Tips to achieve work life balance and improve productivity

Tips to achieve work life balance and improve productivity

Most people work in an office or a corporate environment. Work life balance is of utmost importance to most employees these days. But how do we achieve work life balance every single day when there are always conflicting demands on our time? Improve productivity can't be done if we don't have a proper balance between our work and personal lives. I've been trying to find ways to increase my productivity through reading self-improvement books, listening to inspirational audiobooks, and learning from successful entrepreneurs. I hope these tips help you achieve work life balance and improve productivity.


Be organized.

  • Get organized. Whether you prefer to use a physical planner or a calendar app, make sure everything is written down and in one place. There are tons of great productivity apps out there too, but I like using an old school notebook for my to-do lists, and keep my notes with Evernote.

  • Keep your workspace tidy. Clean off your desk at the end of each workday so you're ready to roll when you wake up in the morning and feel motivated instead of overwhelmed by the clutter around you (studies have shown that just looking at piles of mess can cause anxiety).

Focus on results instead of hours.

Too often, we’re so focused on how much time we’re spending doing things that it takes away from the important thing: results. If you find yourself working in front of a computer and feeling like you’re just barely making progress, take a step back and ask yourself if the hours you spend working are actually creating something useful.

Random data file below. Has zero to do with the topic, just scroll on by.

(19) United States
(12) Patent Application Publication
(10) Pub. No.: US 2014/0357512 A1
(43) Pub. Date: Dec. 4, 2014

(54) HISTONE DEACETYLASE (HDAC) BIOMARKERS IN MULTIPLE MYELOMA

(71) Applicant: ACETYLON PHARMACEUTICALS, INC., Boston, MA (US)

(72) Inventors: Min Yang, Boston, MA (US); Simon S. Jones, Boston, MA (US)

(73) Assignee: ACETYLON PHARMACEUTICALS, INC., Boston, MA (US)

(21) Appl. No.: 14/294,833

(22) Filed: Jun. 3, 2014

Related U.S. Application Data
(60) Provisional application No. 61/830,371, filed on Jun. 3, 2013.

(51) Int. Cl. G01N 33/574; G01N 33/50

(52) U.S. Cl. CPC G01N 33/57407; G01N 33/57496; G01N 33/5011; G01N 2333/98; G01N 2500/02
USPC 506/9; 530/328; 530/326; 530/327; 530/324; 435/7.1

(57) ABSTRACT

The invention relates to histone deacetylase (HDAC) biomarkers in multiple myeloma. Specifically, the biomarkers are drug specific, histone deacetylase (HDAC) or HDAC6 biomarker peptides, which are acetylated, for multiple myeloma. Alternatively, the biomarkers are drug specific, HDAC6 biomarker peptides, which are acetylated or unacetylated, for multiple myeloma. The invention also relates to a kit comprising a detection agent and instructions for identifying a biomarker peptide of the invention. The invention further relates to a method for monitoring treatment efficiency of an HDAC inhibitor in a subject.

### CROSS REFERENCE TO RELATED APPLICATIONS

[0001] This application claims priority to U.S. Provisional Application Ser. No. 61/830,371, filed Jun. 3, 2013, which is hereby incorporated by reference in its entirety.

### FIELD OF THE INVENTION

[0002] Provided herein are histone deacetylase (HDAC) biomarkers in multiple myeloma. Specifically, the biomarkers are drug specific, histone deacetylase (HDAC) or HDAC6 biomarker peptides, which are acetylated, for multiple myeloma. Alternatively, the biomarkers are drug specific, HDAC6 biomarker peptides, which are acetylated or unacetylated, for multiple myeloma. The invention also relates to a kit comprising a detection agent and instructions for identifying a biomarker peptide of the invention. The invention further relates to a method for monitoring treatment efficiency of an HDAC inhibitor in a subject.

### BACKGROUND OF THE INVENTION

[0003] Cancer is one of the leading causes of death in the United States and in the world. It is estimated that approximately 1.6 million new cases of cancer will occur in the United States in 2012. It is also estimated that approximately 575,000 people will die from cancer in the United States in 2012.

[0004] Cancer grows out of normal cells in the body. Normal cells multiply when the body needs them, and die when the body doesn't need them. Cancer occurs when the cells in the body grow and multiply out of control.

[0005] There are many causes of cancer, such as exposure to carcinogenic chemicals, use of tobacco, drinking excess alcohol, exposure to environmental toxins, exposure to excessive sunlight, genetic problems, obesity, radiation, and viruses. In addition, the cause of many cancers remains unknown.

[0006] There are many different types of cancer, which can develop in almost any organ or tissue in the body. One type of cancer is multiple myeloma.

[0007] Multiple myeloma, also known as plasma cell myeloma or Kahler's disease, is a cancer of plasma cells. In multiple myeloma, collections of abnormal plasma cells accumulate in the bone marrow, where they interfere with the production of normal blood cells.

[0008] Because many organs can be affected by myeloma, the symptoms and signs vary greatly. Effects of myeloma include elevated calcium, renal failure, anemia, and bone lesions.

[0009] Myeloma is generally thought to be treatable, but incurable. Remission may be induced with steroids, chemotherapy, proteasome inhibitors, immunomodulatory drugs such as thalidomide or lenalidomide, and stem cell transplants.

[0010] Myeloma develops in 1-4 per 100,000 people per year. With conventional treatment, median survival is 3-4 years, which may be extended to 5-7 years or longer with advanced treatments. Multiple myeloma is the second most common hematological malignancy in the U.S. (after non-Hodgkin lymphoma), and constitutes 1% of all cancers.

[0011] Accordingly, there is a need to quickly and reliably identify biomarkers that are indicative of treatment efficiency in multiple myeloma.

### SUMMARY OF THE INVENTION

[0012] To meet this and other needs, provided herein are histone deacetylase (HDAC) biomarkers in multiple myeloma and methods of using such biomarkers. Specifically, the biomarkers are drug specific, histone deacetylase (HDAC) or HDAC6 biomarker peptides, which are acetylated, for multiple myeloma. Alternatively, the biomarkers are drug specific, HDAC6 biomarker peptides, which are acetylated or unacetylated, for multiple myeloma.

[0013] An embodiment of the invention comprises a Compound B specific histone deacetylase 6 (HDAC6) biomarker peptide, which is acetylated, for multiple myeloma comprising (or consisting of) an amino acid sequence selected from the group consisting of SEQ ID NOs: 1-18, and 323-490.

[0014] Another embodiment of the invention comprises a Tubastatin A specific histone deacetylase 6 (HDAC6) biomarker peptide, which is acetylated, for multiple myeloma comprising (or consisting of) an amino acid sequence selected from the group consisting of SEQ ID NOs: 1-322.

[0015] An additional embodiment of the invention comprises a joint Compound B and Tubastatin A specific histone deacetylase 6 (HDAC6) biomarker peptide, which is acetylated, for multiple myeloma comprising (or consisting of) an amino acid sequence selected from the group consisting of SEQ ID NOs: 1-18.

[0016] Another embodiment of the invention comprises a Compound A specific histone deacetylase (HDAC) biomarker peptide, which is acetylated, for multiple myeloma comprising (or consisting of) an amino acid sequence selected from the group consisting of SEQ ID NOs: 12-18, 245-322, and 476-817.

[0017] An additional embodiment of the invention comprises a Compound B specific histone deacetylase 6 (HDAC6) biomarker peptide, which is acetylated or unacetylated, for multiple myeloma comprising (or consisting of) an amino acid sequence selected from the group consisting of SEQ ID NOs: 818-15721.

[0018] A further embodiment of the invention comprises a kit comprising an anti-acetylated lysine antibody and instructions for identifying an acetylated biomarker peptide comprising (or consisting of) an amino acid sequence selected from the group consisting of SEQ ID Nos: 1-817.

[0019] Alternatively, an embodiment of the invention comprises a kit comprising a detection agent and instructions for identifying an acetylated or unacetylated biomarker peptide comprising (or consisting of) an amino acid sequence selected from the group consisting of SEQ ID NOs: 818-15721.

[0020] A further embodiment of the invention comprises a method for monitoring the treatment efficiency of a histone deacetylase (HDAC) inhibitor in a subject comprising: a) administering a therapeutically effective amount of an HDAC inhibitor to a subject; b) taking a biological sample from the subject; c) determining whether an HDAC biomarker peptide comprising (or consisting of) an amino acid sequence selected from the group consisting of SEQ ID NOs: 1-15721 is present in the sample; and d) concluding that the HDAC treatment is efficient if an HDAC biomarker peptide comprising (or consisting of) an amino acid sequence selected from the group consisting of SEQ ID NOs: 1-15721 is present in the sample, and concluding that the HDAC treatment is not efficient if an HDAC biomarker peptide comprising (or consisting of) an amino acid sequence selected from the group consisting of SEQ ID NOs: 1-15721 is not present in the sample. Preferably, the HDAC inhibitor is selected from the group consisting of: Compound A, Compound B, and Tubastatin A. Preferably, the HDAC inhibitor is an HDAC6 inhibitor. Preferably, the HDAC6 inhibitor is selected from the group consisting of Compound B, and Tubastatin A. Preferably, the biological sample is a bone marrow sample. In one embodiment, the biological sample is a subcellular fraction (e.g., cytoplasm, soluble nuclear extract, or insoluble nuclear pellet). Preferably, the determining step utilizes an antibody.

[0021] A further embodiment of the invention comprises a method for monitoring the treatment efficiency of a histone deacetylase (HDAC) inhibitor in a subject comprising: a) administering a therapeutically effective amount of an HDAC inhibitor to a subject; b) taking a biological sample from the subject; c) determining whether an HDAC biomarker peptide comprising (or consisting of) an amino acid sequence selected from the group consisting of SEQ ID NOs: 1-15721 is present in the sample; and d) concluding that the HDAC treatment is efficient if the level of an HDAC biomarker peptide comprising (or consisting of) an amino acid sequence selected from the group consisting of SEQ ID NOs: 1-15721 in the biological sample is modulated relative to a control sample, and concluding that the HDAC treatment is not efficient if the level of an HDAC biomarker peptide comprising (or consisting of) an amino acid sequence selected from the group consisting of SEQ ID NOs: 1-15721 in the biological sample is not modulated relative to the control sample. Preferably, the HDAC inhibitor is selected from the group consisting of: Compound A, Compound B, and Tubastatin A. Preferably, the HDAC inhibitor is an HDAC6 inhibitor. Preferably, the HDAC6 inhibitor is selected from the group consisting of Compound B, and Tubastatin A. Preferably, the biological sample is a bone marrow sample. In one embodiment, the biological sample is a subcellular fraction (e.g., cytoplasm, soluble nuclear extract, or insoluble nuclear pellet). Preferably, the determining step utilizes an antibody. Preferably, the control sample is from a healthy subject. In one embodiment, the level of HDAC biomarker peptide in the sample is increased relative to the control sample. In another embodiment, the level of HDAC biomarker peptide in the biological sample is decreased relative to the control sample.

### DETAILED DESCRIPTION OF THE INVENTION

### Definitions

For example, even though I’m busy with freelance work—a lot of which entails traveling—I still set aside several hours each week to work in my office at home. The time is different every day; some days I have nothing to do, other days I have 10 minutes to spare (and then I go on Instagram). Sometimes it feels like a waste of time—like I should be out networking or meeting deadlines—but successful freelancers must make sacrifices to achieve their goals. Moreover, this particular hobby has allowed me to create more than just writing articles; it’s also helped me build a successful business that will help pay for grad school down the road. Plus, by setting consistent expectations for myself and breaking down my tasks into manageable chunks, I can manage distractions and focus on what really matters. It may not be sexy but its effectiveness is undeniable!

Flexible working hours.

Flexible working hours are becoming more and more common, as people tire of the traditional 9-to-5. And with many managers now recognizing that flexible working is a key factor in employee engagement and retention, it’s never been easier to ask for flexible working hours.

There are lots of ways to make a case for more flexible hours in your current role. Flexible working is proven to increase staff commitment and productivity, as well as improve their health and wellbeing. Plus, you can adjust your hours to maximize your productivity, based on when you work best during the day - whether that’s straight after breakfast, or late into the evening.